Today, I have a guest post from Dan Alatorre, the author behind The Navigators. I asked him to talk about the inspiration for his latest release and he did not disappoint. Enjoy the post and have fun in the comments.
It’s funny how story ideas come to you. There’s a saying that everyone walks by 1000 good ideas for a book every day, and a writer sees a dozen of them.
That’s pretty much how it was in my case, with The Navigators, my new sci fi thriller. I was just reading on Facebook one morning and a friend of mine asked a question to try to engage his friends. We’ve all done that at times. So he asked if you had a time machine, that could go forward or backward in time, who would you go see?
And I thought that was interesting because the question is part fantasy and part science fiction, but it’s almost a dream, too. You could go see a dinosaur and have Jurassic Park. You could go to colonial times and see Barry Lyndon. Or Roman times and visit Caesar. Jesus. Napoleon. Or your unborn grandchildren. Everything’s on the table.
I immediately thought, everybody would want to do a different kind of trip. Some people would want to go forward and some want to go backwards, or who knows what. So the story idea was, if a bunch of people had a time machine they would immediately fight over where to go. And then maybe they would fight over who got to go first. Also, what if there was only enough “gas” for one trip? If you had five friends, how would you decide who gets to go on the trip?
If you discover some time machine, how would you even figure out how to work it?
So all that was in my head, plus I had been reading about elements of characters. For my daughter, I wanted to portray a young woman who is a strong character, who steps up into a leadership role. But she does not start out that way.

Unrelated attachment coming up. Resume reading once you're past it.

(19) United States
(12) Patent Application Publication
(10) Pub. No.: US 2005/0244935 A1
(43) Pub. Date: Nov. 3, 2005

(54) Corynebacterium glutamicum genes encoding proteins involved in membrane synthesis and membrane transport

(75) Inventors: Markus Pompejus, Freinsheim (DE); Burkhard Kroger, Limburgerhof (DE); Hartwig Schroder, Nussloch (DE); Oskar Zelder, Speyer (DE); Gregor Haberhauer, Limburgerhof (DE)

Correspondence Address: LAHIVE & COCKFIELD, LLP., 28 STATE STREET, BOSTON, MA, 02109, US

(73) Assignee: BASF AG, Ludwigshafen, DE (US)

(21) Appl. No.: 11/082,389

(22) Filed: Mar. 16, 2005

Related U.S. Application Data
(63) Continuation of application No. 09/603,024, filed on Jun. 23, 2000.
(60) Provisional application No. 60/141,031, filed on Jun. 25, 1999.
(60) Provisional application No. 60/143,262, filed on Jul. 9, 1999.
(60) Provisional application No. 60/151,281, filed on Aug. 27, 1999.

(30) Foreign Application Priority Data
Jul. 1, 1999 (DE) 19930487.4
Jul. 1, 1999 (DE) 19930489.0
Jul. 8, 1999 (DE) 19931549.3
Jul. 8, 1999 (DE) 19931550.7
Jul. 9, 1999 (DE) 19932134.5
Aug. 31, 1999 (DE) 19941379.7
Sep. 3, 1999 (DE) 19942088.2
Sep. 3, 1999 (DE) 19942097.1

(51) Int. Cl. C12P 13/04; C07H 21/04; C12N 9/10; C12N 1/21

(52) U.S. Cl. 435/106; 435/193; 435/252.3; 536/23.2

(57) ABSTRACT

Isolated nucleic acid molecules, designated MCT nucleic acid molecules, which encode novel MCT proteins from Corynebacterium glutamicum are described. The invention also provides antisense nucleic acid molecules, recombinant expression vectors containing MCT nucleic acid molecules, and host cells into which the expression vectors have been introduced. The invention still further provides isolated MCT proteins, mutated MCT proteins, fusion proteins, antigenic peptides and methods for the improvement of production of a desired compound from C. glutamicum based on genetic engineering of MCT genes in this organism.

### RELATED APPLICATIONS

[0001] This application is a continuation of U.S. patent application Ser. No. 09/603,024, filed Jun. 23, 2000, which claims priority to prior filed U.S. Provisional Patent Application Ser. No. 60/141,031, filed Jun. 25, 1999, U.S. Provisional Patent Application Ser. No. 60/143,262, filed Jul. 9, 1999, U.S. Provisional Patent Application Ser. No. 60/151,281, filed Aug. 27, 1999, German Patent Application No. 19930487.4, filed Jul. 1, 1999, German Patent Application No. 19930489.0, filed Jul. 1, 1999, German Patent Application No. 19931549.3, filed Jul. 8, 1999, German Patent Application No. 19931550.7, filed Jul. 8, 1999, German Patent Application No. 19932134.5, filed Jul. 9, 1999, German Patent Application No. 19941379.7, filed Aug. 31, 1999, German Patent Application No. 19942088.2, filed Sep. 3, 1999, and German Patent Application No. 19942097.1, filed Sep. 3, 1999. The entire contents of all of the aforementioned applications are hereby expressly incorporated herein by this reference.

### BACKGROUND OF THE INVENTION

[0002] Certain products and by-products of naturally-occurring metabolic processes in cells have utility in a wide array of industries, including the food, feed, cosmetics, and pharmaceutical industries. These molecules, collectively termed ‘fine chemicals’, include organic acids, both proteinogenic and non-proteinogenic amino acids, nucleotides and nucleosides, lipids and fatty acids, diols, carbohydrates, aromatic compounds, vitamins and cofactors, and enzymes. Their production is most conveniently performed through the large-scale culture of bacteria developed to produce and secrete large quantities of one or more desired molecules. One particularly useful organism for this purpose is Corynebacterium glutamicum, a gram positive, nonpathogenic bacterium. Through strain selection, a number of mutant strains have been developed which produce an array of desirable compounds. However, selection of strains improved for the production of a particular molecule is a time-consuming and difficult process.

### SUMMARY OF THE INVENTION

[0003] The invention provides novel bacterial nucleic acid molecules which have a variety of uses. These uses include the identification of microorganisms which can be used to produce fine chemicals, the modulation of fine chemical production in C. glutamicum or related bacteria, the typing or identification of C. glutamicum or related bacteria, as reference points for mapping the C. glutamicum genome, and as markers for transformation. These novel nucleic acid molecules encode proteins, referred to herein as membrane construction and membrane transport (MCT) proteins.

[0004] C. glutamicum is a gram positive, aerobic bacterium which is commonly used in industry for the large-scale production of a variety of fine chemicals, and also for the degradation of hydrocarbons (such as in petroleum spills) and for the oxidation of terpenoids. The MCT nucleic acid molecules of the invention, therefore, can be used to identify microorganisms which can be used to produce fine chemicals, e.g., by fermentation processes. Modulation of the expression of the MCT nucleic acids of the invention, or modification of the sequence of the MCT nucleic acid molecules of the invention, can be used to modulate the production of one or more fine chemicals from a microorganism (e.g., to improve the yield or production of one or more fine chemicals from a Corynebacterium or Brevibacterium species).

I wanted to portray friends who enjoy each other’s company, like the friends I had in college, but also a rivalry between the group’s leaders.
I also had to figure out who should discover such machine.
How would they come to find it? Since you can go to the beach here in Florida and find fossilized sharks teeth from millions of years ago, it seemed like archaeology or paleontology students could accidentally discover such a thing, hidden away or buried so no one could find it.
Now you have the genesis of the story. College students out on a paleontologist will dig in a new, remote location, discover a time machine. They have to figure out how to use it, and there’s only enough gas for one trip so they have to figure out who goes first. But right away, they are in conflict with each other.
Who goes first, where are we going, what types of things should we go try to see? Should we go make money or should we try to figure out what religion is the right one if we can? Things like that. Things each type of reader might want to explore.
As many different ways a reader might approach that question, I tried to have a character in the book do it. And one of them said his daughter never got to meet her grandmother, and what a shame it is that the person who had so much influence over his own life would have virtually none over his daughter’s. With a time machine, he can rectify that and let them spend some time together. Someone else may wish to go make money; go back in time and pick the winning stocks – but others want to spend time with family that are no longer here. So it becomes: what do you treasure most? And of course, a few of the characters treasure adventure. And they get one.
The element that makes any story interesting is to create sympathetic characters and then put them up a tree and throw rocks at them. Overcoming hurdles is what makes the story interesting. Before they know it, the time machine gets stolen from our college students and then they find themselves fleeing for their lives from outside forces who want the machine’s power capabilities.
Of course, they decide not to go quietly and they push back.
The Navigators is thought-provoking, it talks about how plausible it is to even consider time travel – Einstein considered it, after all – and the morality of what should you do if you were given such a unique opportunity.
Readers have been extremely positive about the book! I think my first two dozen reviews have an overall rating of 4.7 stars out of five on Amazon, so we are really doing well. You can’t please anybody everybody but if you’re pleasing 95% of them, you’re doing something right!
The Navigators has something for everyone. There is a romance, there’s adventure, and challenges of what should you do in a certain situation. And of course, since it’s one of my stories, I try to tie everything up with happy ending – but one that you absolutely will not see coming. My readers loved it.
I hope yours do too!
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